Last Minute Gift Idea: Pooling Resources for Getaway
Today’s guest post is from Christine Hsu, a San Francisco-based organizational consultant (more info at Organized by Christine). She gives a great last-minute (or future) gift-giving idea for families who feel overwhelmed by the idea of finding the right gift. By focusing on experiences, not stuff, Christine shows how families can save time, stress and money while forging deeper connections with one another.
In years past, I dreaded buying Christmas gifts for my husband’s parents and his brother and sister-in-law, all of whom live nearby.
Getting gifts for my niece and nephews was a no brainer. It was the adults that posed the challenge. My husband and I never knew what to get them. They already had everything they needed!
We didn’t want anything from them either. All three households were forever trying to get rid of STUFF, not accumulate it. We all felt like we had too much stuff as it was.
Worse yet, the time we spent trying to find that perfect gift was stressful and agonizing.
Last year, I wanted to do something different, but I was hesitant. Who was I, the newest member of their family, to suggest that we stop what had been a long time family tradition?
Then I read a NY Times article entitled “But Will It Make You Happy?” which stated:
Current research suggests that, unlike consumption of material goods, spending on leisure and services typically strengthens social bonds, which in turn helps amplify happiness.
And that got me thinking…
Rather than six adults spending up to $100 on each person, why not pool our money together and go away during the holidays on a family retreat? We would be giving each other the gift of quality time together and great memories that will last forever. What could be better?
Not knowing how the family would react, I ran the idea by my husband first. His initial response, “I’m not sure…”, wasn’t too promising. So I decided against sending out a group email to avoid giving anyone an opportunity to shoot me down too soon. Instead, I reached out to my brother-in-law and sister-in-law first and included the link to the NY Times article to make my case. With their buy-in, I figured we could persuade the parents should they resist for whatever reason.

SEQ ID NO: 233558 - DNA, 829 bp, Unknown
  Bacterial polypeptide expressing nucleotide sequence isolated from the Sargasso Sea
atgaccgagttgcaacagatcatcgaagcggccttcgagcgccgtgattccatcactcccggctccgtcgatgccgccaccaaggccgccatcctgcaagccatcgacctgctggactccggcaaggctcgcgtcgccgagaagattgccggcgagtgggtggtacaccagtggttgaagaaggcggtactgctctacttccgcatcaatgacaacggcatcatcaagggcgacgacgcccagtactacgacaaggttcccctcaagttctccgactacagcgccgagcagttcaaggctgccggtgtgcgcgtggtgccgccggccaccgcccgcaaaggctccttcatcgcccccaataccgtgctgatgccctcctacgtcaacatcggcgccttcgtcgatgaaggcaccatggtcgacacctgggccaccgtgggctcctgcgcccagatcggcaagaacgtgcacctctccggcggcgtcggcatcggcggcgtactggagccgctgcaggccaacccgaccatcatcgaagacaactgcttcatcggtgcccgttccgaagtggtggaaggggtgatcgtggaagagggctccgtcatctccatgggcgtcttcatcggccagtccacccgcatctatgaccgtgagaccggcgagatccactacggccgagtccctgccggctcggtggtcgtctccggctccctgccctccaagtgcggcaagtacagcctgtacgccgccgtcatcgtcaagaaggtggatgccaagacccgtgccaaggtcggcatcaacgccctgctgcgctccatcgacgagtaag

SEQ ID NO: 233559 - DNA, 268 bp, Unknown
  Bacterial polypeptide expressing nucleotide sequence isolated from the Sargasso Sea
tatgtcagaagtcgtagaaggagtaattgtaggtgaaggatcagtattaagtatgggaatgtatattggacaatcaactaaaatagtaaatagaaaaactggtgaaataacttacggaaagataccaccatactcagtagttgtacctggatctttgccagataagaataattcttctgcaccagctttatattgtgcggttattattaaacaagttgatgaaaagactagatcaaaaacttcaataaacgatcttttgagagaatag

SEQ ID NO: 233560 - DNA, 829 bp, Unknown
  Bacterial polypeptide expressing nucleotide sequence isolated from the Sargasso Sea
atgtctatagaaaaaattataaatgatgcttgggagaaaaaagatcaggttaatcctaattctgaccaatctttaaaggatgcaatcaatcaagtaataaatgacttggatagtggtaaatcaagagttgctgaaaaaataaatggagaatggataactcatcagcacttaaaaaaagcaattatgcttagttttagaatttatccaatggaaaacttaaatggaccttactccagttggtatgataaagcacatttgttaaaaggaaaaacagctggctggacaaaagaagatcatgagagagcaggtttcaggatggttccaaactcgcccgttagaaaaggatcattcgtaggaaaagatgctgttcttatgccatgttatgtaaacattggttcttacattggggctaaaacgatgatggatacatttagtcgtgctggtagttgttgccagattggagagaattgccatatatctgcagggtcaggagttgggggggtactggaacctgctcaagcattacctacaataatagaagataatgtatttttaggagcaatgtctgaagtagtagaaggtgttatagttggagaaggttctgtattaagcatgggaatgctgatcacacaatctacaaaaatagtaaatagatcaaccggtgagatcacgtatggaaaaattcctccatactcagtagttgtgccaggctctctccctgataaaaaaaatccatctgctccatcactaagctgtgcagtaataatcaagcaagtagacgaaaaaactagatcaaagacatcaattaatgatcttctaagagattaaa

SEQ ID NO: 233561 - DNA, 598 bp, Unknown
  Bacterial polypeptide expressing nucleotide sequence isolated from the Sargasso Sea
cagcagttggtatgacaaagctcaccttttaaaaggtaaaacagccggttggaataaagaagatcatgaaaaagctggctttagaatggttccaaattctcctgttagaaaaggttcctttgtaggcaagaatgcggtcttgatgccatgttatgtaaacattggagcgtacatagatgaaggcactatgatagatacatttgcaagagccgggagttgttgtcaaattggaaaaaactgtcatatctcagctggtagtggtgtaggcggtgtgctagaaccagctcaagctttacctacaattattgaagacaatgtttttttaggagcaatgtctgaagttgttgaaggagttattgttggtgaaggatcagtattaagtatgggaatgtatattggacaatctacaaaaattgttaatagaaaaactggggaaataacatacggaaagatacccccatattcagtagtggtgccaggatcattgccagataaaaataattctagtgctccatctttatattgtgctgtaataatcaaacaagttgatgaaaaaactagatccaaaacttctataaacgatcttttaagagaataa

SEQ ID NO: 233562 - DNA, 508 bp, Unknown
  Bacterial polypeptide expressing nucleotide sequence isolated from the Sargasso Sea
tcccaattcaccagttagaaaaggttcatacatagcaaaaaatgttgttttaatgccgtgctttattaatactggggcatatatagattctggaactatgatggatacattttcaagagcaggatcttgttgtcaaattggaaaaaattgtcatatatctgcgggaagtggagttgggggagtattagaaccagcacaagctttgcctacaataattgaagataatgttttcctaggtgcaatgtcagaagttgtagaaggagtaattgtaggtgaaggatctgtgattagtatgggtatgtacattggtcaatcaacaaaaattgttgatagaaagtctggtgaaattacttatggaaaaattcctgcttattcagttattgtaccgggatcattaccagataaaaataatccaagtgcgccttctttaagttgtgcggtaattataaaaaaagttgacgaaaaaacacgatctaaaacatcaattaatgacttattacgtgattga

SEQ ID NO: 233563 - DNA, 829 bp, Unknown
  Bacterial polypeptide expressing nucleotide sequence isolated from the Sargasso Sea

As it turns out, my “divide and conquer” strategy wasn’t necessary. Not only did everyone love the idea, they were as relieved as I was at the prospect of not having to look for gifts that none of us needed, thankful at not having to accumulate more stuff in our respective homes, and excited to be going away on a family trip!
We found a beach house rental on VRBO [Vacation Rentals by Owner] within driving distance that had no Internet and no TV (imagine that). We stole away for 3 days and 2 nights over the holidays. We cooked together, cleaned together, played games together, worked on puzzles together and just hung out and spent quality time like we never had before. In fact, we had such a wonderful time that we are doing it again this year and have made it a (new!) family tradition.
The idea of forgoing Christmas gifts with the adults in my husband’s family and spending quality time together on a getaway trip instead–for the rest of our lives–just thrills me to pieces. “No more exchanging gifts, promise?!” I asked last year, in disbelief that this was really happening. “We promise!” they exclaimed. And so it is.
I feel so strongly about life editing that I started a home organization business in the San Francisco Bay Area to help other people lead happier and more productive lives. I’d love to share my story. 🙂
In addition to her home organization business, Christine is also the founder of ORIENTED.COM, the largest network of its kind worldwide for international professionals interested in Asian business and partnerships.